Helping individuals develop a more optimal and efficient posture and movement strategy is one of the most effective strategies for safely working with individuals with osteoarthritis and joint replacements.9,10,11 An approach that includes using the most appropriate soft tissue release, mobilization, stretching, neuromuscular activation strategies, and appropriately progressing the individual through the fundamental movement patterns has been shown to improve joint mobility and strength in individuals with osteoarthritis as well as joint replacements. 9,10,11 Additional strategies that have been shown to be helpful in improving strength and mobility and managing the symptoms of osteoarthritis include three-dimensional breathing7,9,10,11, proper nutrition featuring a whole-foods, plant-based diet4, and meditation.14
The great news is that there is a growing need for qualified fitness professionals to work with the increasing numbers of individuals that have osteoarthritis and/or joint replacements. However, this requires that the fitness professional have both the right education and the appropriate skillset as many of these individuals will require a thorough approach to address their specific needs and to provide them with the best functional outcomes. Organizations such as the MedFit Network, The Institute for Integrative Health and Fitness Education, and the Functional Aging Institute are helping to create the education necessary for health and fitness professionals to develop specializations in working with special populations including the older adult populations experiencing osteoarthritis and joint replacements. Additionally, through their educational platforms and live course work, they provide fitness professionals with strategies for aligning and working with allied health professionals.
For many individuals experiencing pain or loss of function secondary to osteoarthritic changes, seamless integration between medical procedures, rehabilitation, and functional fitness is becoming a viable and necessary alternative to narcotics and surgery. Hence, the birth of the medical fitness space where fitness professionals work either in collaboration with or in the actual physical location of medical doctors, physical therapists, chiropractic physicians, and massage therapists. Clinics such as Rejuv Medical have provided a model for how to improve patient outcomes by combining the benefits of regenerative medicine procedures (Plasma Rich Protein and Stem Cell Therapy), physical therapy, and personal/group training.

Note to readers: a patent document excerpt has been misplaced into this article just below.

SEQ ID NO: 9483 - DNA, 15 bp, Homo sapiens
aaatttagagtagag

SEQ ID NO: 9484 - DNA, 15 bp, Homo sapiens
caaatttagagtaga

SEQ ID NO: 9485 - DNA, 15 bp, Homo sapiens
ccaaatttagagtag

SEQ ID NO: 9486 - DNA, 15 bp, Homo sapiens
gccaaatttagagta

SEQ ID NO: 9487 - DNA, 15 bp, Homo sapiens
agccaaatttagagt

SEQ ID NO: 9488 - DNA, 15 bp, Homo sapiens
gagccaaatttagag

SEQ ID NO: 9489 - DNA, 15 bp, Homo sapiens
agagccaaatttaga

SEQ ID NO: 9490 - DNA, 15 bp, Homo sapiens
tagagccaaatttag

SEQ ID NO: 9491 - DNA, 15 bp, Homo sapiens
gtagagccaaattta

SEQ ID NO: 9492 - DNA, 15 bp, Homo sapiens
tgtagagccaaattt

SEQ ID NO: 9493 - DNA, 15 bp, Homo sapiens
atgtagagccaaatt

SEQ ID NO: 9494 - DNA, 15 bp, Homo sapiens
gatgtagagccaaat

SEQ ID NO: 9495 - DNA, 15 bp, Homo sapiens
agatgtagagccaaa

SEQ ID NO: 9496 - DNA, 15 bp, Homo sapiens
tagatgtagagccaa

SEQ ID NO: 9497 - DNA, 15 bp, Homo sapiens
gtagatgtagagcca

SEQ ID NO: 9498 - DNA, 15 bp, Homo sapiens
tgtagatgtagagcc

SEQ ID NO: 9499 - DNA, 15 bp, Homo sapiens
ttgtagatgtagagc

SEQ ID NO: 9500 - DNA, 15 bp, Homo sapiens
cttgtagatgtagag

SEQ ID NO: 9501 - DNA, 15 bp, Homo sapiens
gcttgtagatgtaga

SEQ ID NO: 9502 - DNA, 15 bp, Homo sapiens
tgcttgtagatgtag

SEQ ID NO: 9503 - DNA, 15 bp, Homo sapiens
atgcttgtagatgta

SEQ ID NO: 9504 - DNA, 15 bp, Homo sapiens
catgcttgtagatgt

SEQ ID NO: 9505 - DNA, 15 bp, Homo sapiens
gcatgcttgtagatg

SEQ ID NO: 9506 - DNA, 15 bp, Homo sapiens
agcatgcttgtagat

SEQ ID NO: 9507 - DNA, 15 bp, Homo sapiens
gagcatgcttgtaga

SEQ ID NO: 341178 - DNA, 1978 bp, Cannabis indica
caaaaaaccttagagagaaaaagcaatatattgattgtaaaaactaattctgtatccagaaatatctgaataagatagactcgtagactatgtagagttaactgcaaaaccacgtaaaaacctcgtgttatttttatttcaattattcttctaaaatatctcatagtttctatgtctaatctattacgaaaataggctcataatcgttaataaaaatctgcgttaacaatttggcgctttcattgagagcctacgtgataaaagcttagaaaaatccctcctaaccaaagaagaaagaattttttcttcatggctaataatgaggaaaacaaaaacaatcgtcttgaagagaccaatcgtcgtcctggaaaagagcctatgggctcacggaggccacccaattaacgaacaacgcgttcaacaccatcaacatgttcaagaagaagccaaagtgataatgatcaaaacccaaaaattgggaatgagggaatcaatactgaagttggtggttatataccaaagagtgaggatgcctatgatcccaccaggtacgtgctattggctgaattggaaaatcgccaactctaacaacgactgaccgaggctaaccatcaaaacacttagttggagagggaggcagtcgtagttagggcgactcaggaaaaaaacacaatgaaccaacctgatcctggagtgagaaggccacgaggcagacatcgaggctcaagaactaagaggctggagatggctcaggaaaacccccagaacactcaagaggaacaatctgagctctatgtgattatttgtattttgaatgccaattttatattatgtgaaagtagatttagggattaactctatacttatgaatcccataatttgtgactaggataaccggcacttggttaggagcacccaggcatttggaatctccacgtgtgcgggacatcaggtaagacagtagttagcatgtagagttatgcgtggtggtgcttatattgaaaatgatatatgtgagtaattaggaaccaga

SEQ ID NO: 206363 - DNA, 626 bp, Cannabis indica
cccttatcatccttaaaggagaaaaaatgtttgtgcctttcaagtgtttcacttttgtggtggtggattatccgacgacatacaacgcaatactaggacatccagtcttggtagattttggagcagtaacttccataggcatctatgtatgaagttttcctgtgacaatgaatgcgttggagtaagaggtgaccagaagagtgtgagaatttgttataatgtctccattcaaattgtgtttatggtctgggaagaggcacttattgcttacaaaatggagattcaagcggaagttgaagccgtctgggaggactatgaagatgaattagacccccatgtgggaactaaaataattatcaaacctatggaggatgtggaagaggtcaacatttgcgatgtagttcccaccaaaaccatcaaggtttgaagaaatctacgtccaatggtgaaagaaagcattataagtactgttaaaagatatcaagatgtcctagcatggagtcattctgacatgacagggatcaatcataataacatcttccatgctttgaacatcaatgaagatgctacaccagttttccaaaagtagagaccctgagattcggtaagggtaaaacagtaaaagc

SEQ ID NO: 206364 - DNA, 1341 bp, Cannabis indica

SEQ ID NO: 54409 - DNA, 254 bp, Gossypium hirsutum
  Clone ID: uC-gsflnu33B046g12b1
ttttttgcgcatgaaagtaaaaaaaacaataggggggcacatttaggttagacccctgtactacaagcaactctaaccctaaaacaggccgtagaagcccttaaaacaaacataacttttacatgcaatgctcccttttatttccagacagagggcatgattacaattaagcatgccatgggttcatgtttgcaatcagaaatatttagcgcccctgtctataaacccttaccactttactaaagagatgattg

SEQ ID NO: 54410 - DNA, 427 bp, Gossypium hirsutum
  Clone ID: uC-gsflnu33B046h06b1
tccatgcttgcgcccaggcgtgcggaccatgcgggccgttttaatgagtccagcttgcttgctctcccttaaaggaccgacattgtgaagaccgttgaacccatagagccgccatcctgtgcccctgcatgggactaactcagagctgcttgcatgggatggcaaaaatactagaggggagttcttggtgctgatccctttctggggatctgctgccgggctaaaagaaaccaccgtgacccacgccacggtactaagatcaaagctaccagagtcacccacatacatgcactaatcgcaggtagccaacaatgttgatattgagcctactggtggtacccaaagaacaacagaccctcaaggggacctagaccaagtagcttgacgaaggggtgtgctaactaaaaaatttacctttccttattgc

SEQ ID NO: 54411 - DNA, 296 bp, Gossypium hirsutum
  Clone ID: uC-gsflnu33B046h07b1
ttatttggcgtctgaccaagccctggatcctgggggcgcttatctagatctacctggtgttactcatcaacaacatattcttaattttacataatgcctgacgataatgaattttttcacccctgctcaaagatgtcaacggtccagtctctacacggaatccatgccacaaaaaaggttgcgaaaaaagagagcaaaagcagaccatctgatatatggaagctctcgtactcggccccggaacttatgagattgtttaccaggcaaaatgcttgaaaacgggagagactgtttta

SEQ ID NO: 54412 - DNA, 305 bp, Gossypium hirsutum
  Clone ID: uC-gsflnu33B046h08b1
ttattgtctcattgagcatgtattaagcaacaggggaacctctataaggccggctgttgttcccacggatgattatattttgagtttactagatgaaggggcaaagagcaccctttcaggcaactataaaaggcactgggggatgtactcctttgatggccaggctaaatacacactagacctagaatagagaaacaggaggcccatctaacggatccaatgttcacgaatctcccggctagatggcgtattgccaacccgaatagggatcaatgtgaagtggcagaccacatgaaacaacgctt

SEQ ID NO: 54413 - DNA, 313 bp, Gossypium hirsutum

Specialization in working with individuals that have osteoarthritis and/or joint replacements and working in the medical fitness space is the future. The fitness professional that acquires the appropriate education and develops a working relationship with allied health professionals will be able to attract more individuals that need, want, and will pay for their expertise. By providing a more integrated and effective approach to helping individuals accomplish their health and fitness goals, these fitness professionals will continue to thrive in the coming years.
Dr. Evan Osar is an internationally recognized speaker, author, and expert on assessment, corrective exercise, and functional movement. Dr. Osar is committed to educating and empowering fitness professionals while helping them develop relationships with allied health professionals. He is author of the Corrective Exercise Solutions to Common Hip and Shoulder Dysfunction and has developed the industry’s most complete training certification, the Integrative Movement Specialist™. With his wife Jenice Mattek, he created the on-line educational resource www.IIHFE.com.
Before you can begin checking the boxes off above a baseline needs to be established. What is the best way to set a baseline that isn’t time-consuming? A Physical Therapist can test physical capacity, but will that give them the total picture? What if you are a health care provider such as a Massage Practitioner or a Chiropractor, or a doctor of an individual who wants to start an exercise program? How do you set-up a baseline of indicators to capture dysfunction at the level of the movement pattern, not just muscles/tissues that are weak or injured?